I was really excited!  I had never been outside of Massachusetts at this point.  So I said to my mother "Oh wow, this is terrific!  I get to go on the plane and go to New York!"   

When I got to New York City, Frank took me over to Bob Crewe's apartment.  When I got there, Bob played the song on his piano, just the way he wanted me to sing it.  I listened to the new lyrics to my original song and said, "OK, just tell me what you want me to sing and I will do it."   

Bob said to me, "The studio is booked for tomorrow.  We are gonna take you in the studio and we also have to have a B-Side song for you to sing as well."  I told them I had another song that I had already written called "You Know", so we made plans to cut that, too.   

(As Forgotten Hits readers learned exclusively this week, Freddy and his Hurricanes cut an early demo of THIS track, too, at Ace Recording Studio in Boston, the same day that they laid down the tracks for "She's My Rock And Roll Baby".)   

And then Bob said to me, "By the way, who is the guitar player on your original demo for 'She's My Rock And Roll Baby'?"   

"Kenny Paulson," I replied.   

"Well, we have to have him come in and play his guitar part on the new recording as well.  We will have him come in and play a couple of different guitar solos and we will let you listen to them all and tell us which one you like."   

I remember standing there and thinking to myself, "Wow, everything is happening to me so fast!"   

When the session was over, Freddy flew back home to Boston and resumed his job delivering jewelry for the costume jewelry company that he worked for.  Shortly thereafter, Freddy's mom received a phone call from Bernie Binnick of Swan Records, who pressed up copies of Freddy's New York recordings and wanted to send him a box of singles, hot off the press.  Freddy explains:   

I opened up the box of records and there it was, my first recording: "Tallahassee Lassie".  Much to my surprise, the artist listed on the label was "Freddy Cannon."  I had been calling myself and my band "Freddy Karmon and the Hurricanes".   

(Forgotten Hits Readers now know that, based on Freddy's own hand-written label on the rare acetate pressing we shared with you earlier this week, at the time Freddy spelled his name as "Carmen", not Karmon ... but this was the way he remembered it for his biography.  Since he's been "Freddy 'Boom Boom' Cannon for the past 55+ years, I guess it's easy enough to figure why he didn't remember the spelling ... after that infamous recording date in New York City, he's never been anything else BUT "Freddy 'Boom Boom' Cannon"!!!)  

At Swan Records, they hated "Freddy Karmon" so they changed my name to "Freddy Cannon" because Bernie felt that it sounded better.  So that's what they put on the record.  They didn't even ask me if they could change my name, they just did it!  I couldn't have cared less, as long as they released my record.   

At his mother's urging, Freddy then took a copy of this brand new pressing back up to Arnie Ginsburg at WMEX Radio in Boston.  (FH Readers will recall that it was from a WMEX dee jay that Eric Lee came into possession of Freddy's acetate pressing of "She's My Rock And Roll Baby"!  It's absolutely incredible to think that somebody from the station held on to this pressing for all these years ... all the while having absolutely NO idea what they had in their possession!  But that's EXACTLY what happened ... and thanks to that little bit of musical magic, that very first pressing is now back in the hands of Freddy Cannon!)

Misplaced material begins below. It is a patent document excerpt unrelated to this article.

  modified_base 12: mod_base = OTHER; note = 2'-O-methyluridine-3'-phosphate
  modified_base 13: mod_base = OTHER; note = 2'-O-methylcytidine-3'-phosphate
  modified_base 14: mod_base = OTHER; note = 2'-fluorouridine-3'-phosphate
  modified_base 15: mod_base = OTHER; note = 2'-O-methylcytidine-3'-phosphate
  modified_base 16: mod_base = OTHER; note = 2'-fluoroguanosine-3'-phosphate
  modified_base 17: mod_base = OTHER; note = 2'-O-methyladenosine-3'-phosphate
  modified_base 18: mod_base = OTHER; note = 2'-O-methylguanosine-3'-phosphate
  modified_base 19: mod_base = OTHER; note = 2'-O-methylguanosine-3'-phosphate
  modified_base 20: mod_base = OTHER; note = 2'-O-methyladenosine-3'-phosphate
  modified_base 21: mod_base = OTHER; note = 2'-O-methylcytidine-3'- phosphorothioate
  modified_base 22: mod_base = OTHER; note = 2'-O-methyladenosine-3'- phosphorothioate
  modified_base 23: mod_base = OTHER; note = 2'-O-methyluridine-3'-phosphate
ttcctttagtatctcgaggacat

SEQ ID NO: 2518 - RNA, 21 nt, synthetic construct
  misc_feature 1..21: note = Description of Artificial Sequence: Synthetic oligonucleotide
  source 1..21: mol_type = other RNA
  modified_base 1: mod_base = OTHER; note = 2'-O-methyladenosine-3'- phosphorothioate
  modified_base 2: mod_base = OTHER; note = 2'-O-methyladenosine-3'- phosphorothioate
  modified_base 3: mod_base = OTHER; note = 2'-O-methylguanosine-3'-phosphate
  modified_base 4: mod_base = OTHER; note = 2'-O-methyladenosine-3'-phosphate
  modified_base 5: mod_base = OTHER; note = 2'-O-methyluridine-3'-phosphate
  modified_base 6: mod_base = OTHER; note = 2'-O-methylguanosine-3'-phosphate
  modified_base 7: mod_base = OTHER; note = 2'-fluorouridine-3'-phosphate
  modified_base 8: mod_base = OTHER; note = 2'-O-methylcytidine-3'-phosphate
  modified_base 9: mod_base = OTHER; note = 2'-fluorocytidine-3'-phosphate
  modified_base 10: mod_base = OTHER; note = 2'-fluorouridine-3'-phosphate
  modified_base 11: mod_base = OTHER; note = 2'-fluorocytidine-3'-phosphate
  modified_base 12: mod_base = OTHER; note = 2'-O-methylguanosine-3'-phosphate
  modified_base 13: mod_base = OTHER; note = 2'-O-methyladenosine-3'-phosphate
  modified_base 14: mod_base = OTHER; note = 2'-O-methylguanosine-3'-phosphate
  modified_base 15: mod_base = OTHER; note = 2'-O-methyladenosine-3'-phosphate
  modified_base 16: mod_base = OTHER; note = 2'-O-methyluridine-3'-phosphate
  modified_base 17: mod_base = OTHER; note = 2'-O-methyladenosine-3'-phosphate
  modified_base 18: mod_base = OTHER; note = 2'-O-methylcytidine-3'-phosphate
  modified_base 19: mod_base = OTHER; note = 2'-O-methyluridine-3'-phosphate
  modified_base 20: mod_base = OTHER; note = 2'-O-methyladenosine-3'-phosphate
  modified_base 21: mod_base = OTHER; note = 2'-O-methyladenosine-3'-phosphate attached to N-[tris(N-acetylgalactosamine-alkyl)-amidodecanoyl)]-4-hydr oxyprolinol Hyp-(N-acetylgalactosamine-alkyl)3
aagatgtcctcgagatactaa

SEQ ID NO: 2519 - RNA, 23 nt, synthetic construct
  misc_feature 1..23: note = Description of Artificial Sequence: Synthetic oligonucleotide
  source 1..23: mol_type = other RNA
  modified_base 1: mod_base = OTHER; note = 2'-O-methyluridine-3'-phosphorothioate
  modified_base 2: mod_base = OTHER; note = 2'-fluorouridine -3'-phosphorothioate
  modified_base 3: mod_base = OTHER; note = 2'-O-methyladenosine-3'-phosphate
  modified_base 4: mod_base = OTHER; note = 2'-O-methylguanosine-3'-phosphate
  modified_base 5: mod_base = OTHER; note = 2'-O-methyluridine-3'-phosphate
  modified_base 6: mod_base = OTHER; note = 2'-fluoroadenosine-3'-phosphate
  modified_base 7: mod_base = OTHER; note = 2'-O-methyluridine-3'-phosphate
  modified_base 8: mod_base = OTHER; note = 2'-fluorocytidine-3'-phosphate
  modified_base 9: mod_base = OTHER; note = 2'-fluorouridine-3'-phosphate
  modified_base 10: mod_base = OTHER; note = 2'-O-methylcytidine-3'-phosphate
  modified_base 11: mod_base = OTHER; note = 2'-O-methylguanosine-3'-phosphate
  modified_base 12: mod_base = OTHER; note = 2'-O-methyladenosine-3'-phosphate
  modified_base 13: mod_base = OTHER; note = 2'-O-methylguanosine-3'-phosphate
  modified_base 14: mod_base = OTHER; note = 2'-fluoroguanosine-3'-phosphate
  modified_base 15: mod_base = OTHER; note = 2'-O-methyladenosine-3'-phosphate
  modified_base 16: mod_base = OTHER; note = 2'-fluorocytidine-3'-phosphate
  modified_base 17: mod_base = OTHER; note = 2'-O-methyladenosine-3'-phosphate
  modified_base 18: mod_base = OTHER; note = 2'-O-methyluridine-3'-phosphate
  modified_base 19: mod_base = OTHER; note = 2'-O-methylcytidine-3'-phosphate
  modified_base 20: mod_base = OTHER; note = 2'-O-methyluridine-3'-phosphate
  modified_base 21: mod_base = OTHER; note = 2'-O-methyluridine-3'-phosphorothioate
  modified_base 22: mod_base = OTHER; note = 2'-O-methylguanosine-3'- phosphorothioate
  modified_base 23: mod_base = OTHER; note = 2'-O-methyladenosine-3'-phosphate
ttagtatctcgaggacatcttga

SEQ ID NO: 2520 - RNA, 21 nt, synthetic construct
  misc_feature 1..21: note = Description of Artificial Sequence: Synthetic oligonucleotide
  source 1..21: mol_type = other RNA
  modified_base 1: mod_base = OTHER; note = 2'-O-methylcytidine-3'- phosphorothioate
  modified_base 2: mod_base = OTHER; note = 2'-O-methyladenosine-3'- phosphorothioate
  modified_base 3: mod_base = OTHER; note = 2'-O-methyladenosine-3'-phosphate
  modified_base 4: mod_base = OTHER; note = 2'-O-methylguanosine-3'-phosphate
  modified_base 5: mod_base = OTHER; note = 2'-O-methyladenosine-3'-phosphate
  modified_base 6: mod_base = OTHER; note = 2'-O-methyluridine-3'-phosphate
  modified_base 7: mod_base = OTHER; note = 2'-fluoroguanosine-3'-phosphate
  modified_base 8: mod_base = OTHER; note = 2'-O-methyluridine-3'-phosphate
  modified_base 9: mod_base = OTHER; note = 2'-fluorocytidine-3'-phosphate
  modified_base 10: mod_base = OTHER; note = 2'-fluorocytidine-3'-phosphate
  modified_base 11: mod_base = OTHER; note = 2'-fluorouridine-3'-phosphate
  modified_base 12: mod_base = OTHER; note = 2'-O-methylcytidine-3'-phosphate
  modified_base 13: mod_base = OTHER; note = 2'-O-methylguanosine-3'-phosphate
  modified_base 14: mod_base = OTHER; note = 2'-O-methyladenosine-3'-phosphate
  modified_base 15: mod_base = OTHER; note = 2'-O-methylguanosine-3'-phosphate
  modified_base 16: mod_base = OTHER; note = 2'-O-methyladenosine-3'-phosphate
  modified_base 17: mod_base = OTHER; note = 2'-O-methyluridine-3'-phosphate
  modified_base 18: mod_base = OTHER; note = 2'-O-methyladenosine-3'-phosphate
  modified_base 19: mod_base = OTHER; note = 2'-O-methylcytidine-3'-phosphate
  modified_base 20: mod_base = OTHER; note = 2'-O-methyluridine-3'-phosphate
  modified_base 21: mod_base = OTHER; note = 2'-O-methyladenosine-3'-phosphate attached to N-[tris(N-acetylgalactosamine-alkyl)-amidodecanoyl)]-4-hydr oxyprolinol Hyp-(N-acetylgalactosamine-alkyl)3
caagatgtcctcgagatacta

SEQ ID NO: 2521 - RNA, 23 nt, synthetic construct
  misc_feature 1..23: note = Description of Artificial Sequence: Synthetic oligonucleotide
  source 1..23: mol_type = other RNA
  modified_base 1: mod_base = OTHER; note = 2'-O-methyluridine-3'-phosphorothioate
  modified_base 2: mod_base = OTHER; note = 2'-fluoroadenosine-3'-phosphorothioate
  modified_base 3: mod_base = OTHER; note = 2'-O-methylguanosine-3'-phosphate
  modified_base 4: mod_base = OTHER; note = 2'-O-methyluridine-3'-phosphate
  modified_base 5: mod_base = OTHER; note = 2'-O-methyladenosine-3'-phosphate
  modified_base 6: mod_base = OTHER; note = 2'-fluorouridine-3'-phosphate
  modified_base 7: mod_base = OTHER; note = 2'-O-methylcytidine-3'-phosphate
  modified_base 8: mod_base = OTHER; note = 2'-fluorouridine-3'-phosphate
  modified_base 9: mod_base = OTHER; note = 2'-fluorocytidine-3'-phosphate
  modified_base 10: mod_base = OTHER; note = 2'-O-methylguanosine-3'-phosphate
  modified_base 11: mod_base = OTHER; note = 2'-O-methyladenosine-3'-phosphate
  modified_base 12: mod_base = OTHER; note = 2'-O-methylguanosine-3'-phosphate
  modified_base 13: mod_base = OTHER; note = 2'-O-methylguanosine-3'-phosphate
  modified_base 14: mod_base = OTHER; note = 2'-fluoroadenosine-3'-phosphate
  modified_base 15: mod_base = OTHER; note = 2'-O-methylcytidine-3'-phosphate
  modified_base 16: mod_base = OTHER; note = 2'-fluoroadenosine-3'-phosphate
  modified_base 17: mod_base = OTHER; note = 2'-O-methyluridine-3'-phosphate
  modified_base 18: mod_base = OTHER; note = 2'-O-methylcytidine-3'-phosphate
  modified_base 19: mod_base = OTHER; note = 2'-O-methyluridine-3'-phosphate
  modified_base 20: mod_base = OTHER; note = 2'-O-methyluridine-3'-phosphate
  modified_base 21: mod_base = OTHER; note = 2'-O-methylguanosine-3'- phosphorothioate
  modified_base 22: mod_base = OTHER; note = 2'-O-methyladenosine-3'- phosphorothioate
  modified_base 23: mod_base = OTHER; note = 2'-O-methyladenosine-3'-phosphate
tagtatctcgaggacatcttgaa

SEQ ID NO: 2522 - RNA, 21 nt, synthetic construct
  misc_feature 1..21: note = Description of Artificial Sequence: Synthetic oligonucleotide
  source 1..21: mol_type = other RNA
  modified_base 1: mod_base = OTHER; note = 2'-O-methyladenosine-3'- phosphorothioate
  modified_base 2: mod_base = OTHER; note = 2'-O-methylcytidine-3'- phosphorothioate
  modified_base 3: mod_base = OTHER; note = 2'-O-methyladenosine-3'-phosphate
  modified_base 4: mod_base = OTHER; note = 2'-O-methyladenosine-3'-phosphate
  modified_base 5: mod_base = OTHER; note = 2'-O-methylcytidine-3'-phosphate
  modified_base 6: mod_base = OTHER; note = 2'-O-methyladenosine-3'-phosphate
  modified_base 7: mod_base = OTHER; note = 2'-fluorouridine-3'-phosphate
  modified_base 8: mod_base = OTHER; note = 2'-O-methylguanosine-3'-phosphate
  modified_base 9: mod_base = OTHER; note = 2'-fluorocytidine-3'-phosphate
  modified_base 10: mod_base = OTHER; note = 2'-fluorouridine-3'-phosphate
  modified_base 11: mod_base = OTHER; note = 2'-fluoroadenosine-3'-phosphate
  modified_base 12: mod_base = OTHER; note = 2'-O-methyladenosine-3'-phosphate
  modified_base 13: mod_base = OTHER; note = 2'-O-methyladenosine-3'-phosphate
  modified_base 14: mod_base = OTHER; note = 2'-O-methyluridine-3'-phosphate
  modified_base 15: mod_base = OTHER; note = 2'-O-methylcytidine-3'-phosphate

Freddy describes what happened next:  

I drove to WMEX in Boston.  Arnie Ginsburg was on the air so I couldn't barge into the studio to see him.  When the commercial break came, I went in and said to him, "Arnie, I cut this record with the band.  It's the same song that I brought you at the record hop.  They changed the name of it and the verses of it, but it's the same record.  I want you to listen to it and tell me what you think."   

He put it onto the turntable in the studio to listen to it.  All of a sudden he picked up the arm of the turntable, picked up my record, and transferred it to the turntable he used to play records on the air.  I watched him with fascination and he turned to me and said, "You've got a hit!"   

"Oh my God, you're kidding?" I said.  I couldn't believe it.  One of the biggest disc jockeys in all of Boston declared it a hit! I was flabbergasted!   

As the song went out over the airwaves I couldn't believe it ... that was me singing on one of Boston's biggest rock and roll stations!  All of a sudden the radio station's switchboards began to light up.  Kids were calling and requesting that they play "Tallahassee Lassie" again and demanding to know "Who is that on that record?"  I couldn't believe all of the phone calls that the radio station was getting.  I was just amazed!   

It's hard to remember ... or even imagine ... a time when the hottest radio stations in the country trusted the ears of their on-air crew ... but these guys had their fingers on the pulse of teenage America ... and they knew a hit when they heard it.  They helped CREATE some of the biggest hits of the rock and roll era.  Today all of this has to "go to committee" ... unless the high-paid consultants and so-called experts declare it "radio-friendly", it just doesn't get played.  All spontaneity of rock and roll ... and radio ... are gone forever as every station in every city across the country is playing the exact same "chosen few".  It was a VERY exciting time in music, a time that just doesn't exist anymore.  The very next day, Freddy quit his job at the jewelry store.   

I hadn't even made any money from the record yet ... but Arnie said that I was a "hit" so I new I suddenly had it made!   

And Freddy never looked back ... he was booked for a few of Alan Freed's shows and then started his string of appearances on "American Bandstand".  He and Dick Clark remained life-long friends.  In 1965 when Clark launched a new after school rock and roll show called "Where The Action Is", he picked Freddy to sing the title cut ... and Freddy soon had another top ten record on his hands!   

But it all started at that little studio in Boston with a song Freddy wrote with his mother called "She's My Rock And Roll Baby" ... and you heard it here first, EXCLUSIVELY in Forgotten Hits! 


Get this great story ... and a whole lot more from one of America's original Rock And Roll legends in Freddy's biography "Where The Action Is", written with Mark Bego.
And pick up Freddy's Greatest Hits here:
Click here: Boom Boom Rock N Roll: The Best of Freddy Cannon: Music